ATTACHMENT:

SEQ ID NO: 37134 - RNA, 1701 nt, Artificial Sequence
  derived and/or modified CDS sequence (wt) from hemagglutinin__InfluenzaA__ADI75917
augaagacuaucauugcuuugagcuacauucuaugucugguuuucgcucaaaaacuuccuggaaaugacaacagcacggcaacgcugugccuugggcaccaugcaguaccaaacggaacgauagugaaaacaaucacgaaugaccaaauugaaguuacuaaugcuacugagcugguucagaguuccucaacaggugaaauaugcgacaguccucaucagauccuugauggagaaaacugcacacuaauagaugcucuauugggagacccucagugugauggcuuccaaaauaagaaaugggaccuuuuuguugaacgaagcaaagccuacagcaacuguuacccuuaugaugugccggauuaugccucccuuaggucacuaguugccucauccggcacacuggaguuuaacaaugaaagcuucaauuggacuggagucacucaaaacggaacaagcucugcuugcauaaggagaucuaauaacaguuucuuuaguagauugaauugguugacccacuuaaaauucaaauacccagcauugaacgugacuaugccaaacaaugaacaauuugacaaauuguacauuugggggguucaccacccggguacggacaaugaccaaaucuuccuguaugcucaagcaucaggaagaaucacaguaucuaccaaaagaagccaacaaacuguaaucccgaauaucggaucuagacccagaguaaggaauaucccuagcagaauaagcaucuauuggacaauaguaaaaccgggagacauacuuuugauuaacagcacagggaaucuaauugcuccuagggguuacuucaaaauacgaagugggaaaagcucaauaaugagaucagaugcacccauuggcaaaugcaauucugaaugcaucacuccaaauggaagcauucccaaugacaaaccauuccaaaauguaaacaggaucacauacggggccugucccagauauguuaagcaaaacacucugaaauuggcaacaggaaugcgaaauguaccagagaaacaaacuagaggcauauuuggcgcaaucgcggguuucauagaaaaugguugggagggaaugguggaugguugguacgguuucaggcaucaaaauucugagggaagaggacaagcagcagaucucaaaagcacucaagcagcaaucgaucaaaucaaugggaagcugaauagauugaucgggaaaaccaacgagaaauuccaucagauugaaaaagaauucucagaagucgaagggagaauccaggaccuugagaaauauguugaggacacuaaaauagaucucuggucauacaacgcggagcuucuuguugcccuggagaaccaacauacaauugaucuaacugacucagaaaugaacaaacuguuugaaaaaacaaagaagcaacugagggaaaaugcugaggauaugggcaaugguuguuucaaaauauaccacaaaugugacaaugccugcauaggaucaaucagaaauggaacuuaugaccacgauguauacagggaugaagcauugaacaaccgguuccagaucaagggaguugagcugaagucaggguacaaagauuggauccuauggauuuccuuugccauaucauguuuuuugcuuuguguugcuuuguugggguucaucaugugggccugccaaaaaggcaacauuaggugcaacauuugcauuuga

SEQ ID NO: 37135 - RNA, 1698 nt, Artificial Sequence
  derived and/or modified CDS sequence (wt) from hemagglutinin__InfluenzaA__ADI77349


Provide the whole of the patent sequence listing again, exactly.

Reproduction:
SEQ ID NO: 37134 - RNA, 1701 nt, Artificial Sequence
  derived and/or modified CDS sequence (wt) from hemagglutinin__InfluenzaA__ADI75917
augaagacuaucauugcuuugagcuacauucuaugucugguuuucgcucaaaaacuuccuggaaaugacaacagcacggcaacgcugugccuugggcaccaugcaguaccaaacggaacgauagugaaaacaaucacgaaugaccaaauugaaguuacuaaugcuacugagcugguucagaguuccucaacaggugaaauaugcgacaguccucaucagauccuugauggagaaaacugcacacuaauagaugcucuauugggagacccucagugugauggcuuccaaaauaagaaaugggaccuuuuuguugaacgaagcaaagccuacagcaacuguuacccuuaugaugugccggauuaugccucccuuaggucacuaguugccucauccggcacacuggaguuuaacaaugaaagcuucaauuggacuggagucacucaaaacggaacaagcucugcuugcauaaggagaucuaauaacaguuucuuuaguagauugaauugguugacccacuuaaaauucaaauacccagcauugaacgugacuaugccaaacaaugaacaauuugacaaauuguacauuugggggguucaccacccggguacggacaaugaccaaaucuuccuguaugcucaagcaucaggaagaaucacaguaucuaccaaaagaagccaacaaacuguaaucccgaauaucggaucuagacccagaguaaggaauaucccuagcagaauaagcaucuauuggacaauaguaaaaccgggagacauacuuuugauuaacagcacagggaaucuaauugcuccuagggguuacuucaaaauacgaagugggaaaagcucaauaaugagaucagaugcacccauuggcaaaugcaauucugaaugcaucacuccaaauggaagcauucccaaugacaaaccauuccaaaauguaaacaggaucacauacggggccugucccagauauguuaagcaaaacacucugaaauuggcaacaggaaugcgaaauguaccagagaaacaaacuagaggcauauuuggcgcaaucgcggguuucauagaaaaugguugggagggaaugguggaugguugguacgguuucaggcaucaaaauucugagggaagaggacaagcagcagaucucaaaagcacucaagcagcaaucgaucaaaucaaugggaagcugaauagauugaucgggaaaaccaacgagaaauuccaucagauugaaaaagaauucucagaagucgaagggagaauccaggaccuugagaaauauguugaggacacuaaaauagaucucuggucauacaacgcggagcuucuuguugcccuggagaaccaacauacaauugaucuaacugacucagaaaugaacaaacuguuugaaaaaacaaagaagcaacugagggaaaaugcugaggauaugggcaaugguuguuucaaaauauaccacaaaugugacaaugccugcauaggaucaaucagaaauggaacuuaugaccacgauguauacagggaugaagcauugaacaaccgguuccagaucaagggaguugagcugaagucaggguacaaagauuggauccuauggauuuccuuugccauaucauguuuuuugcuuuguguugcuuuguugggguucaucaugugggccugccaaaaaggcaacauuaggugcaacauuugcauuuga

SEQ ID NO: 37135 - RNA, 1698 nt, Artificial Sequence
  derived and/or modified CDS sequence (wt) from hemagglutinin__InfluenzaA__ADI77349